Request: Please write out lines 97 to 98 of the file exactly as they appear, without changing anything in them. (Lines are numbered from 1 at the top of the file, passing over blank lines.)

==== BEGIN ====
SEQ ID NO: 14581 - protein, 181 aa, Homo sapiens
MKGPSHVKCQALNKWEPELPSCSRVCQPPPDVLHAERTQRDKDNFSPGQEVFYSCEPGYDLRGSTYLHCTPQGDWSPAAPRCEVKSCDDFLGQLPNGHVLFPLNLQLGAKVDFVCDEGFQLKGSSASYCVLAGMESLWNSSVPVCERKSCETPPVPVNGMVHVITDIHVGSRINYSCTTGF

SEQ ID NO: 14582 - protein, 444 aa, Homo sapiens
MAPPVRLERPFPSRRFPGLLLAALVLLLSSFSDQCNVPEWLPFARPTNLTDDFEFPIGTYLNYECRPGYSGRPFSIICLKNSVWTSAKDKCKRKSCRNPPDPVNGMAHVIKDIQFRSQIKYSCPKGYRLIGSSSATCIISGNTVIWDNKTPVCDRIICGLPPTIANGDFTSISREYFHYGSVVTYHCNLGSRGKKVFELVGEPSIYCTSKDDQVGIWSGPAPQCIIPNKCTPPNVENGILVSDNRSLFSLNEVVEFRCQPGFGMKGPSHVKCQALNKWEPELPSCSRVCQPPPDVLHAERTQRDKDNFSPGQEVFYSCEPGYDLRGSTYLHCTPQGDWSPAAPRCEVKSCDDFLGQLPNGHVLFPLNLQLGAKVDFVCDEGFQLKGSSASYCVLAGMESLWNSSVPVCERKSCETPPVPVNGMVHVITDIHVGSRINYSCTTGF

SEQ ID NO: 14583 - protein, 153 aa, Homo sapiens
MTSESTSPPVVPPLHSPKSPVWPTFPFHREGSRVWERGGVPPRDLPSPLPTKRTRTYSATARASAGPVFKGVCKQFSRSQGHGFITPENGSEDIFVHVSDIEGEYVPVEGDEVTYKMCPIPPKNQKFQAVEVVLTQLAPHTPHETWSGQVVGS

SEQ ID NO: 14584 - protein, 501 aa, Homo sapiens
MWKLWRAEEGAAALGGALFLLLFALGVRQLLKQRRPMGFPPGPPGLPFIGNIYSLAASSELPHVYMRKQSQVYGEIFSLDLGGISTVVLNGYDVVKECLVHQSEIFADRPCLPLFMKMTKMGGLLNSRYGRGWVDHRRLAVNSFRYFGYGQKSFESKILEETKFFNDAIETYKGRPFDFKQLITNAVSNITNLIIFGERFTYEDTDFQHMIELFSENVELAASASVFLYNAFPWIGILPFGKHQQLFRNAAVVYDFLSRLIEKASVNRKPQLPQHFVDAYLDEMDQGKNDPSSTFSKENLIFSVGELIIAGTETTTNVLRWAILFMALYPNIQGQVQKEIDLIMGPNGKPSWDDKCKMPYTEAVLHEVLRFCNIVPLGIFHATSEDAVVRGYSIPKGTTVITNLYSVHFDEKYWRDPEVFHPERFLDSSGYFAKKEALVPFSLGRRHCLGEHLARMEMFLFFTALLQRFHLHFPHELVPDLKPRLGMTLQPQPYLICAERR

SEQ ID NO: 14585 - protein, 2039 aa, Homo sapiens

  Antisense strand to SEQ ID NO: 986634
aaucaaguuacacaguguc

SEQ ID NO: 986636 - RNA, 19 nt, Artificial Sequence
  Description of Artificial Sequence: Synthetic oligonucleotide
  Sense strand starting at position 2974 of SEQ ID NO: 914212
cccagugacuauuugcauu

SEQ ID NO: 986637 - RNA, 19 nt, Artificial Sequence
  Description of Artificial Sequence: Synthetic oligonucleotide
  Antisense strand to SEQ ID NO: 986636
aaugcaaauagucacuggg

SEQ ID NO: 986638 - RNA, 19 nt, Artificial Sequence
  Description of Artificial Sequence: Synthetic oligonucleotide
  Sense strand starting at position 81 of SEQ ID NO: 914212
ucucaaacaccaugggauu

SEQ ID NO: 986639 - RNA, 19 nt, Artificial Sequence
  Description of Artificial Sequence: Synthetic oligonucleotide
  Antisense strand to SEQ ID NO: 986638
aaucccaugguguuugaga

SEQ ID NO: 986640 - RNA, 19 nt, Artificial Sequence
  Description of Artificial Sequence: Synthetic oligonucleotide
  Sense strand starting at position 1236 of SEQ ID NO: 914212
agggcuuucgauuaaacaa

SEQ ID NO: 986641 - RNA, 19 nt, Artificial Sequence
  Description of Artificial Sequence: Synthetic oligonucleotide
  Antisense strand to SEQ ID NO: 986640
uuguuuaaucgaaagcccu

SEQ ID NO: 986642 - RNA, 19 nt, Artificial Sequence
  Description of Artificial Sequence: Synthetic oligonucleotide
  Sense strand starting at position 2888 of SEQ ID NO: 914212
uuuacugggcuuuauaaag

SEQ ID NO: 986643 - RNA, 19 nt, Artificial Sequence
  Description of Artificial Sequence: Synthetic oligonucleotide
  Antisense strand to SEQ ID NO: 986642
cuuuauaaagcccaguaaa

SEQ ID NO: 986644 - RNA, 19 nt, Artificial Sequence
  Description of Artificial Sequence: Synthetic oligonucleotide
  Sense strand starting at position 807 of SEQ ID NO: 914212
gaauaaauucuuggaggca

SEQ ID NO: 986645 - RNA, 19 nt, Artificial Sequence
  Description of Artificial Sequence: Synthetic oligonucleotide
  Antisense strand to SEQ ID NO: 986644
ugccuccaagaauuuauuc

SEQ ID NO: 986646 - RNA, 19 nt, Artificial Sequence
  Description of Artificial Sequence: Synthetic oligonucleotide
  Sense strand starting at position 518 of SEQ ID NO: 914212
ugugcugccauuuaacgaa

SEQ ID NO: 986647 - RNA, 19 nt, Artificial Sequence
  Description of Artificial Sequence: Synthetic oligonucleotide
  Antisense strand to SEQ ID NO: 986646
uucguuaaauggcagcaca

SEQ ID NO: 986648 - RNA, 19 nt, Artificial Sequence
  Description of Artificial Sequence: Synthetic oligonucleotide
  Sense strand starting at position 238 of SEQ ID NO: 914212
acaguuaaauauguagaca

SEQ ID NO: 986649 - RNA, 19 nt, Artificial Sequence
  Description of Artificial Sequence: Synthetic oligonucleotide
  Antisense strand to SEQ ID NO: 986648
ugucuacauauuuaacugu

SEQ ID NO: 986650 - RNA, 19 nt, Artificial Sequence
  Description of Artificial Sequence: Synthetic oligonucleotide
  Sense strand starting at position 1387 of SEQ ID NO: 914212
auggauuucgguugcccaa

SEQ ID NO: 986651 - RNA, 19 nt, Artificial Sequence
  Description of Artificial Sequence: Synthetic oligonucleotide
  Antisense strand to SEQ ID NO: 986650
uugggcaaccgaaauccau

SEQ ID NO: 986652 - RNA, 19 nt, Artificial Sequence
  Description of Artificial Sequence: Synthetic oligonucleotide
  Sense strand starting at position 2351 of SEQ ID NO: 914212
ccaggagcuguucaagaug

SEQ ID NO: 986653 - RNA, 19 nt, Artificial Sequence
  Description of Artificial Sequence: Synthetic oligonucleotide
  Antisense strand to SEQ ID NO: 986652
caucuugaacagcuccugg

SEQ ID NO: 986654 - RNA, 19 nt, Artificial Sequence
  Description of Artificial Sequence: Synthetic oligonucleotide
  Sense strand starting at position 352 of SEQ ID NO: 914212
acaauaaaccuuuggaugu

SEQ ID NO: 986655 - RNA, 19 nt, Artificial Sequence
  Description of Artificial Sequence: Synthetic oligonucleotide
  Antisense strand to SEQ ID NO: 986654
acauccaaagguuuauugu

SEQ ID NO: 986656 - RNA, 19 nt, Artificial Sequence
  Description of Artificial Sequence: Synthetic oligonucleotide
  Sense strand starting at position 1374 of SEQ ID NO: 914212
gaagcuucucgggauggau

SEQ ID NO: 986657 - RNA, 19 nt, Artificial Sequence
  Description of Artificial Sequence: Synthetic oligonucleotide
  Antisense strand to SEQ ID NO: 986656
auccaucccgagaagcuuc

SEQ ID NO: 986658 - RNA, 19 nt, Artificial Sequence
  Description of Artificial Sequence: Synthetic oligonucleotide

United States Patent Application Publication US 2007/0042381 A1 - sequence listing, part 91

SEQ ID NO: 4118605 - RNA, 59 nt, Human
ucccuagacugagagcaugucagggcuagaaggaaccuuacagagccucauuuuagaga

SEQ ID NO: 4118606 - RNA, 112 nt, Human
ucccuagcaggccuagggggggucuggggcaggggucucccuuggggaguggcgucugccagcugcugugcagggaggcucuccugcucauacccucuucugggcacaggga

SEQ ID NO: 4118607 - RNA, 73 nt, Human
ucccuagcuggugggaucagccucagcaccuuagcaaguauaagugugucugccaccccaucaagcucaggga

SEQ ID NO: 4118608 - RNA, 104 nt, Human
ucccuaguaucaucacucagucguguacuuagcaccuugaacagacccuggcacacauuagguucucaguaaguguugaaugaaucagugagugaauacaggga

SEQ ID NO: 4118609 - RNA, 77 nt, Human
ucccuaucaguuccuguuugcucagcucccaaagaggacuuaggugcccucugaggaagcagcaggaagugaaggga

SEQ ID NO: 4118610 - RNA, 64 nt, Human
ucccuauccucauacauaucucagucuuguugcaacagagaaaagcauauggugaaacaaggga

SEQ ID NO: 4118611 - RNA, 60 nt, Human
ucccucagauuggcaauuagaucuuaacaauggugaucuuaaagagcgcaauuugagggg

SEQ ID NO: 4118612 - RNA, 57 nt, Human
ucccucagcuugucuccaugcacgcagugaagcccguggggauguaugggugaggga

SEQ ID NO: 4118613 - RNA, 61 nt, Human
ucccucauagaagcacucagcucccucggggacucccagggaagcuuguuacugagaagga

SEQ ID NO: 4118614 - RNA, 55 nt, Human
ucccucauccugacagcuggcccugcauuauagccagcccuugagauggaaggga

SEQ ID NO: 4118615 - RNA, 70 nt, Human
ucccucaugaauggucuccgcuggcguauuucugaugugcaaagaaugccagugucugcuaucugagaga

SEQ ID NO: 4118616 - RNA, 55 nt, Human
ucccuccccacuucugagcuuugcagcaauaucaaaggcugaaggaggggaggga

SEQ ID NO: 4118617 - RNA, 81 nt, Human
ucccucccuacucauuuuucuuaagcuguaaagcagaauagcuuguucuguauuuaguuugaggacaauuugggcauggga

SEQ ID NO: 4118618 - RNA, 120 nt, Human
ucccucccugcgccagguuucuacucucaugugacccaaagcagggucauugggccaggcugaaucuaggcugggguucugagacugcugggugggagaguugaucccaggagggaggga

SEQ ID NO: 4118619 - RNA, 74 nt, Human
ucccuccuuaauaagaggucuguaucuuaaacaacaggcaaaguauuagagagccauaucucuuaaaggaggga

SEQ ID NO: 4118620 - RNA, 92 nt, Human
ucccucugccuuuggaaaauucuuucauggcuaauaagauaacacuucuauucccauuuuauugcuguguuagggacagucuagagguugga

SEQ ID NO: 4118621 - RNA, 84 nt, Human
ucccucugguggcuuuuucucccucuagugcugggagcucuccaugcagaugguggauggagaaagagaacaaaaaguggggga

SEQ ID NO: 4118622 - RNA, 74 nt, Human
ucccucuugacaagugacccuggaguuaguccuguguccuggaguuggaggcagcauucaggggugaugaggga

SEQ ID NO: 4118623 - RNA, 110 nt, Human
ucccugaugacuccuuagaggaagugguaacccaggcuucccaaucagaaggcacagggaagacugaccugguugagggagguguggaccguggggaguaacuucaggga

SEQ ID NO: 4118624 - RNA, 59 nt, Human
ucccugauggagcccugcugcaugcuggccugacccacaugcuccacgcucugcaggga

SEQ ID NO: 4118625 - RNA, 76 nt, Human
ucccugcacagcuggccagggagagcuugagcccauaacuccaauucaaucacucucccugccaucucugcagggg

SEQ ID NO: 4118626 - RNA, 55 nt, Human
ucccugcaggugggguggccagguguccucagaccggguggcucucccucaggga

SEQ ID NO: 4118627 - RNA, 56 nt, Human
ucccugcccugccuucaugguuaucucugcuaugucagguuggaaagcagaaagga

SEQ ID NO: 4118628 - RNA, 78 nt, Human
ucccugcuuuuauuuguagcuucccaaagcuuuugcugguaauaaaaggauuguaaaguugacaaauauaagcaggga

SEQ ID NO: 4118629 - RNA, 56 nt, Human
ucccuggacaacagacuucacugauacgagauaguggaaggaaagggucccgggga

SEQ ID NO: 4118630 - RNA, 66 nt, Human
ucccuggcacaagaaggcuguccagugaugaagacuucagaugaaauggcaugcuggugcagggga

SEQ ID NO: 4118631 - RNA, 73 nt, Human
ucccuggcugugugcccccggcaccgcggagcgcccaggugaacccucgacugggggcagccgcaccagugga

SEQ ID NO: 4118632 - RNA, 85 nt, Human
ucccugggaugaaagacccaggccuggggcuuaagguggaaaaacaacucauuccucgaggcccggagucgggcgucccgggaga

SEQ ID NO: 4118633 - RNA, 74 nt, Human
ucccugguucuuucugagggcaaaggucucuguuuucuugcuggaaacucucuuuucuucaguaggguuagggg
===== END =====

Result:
  Description of Artificial Sequence: Synthetic oligonucleotide
  Antisense strand to SEQ ID NO: 986656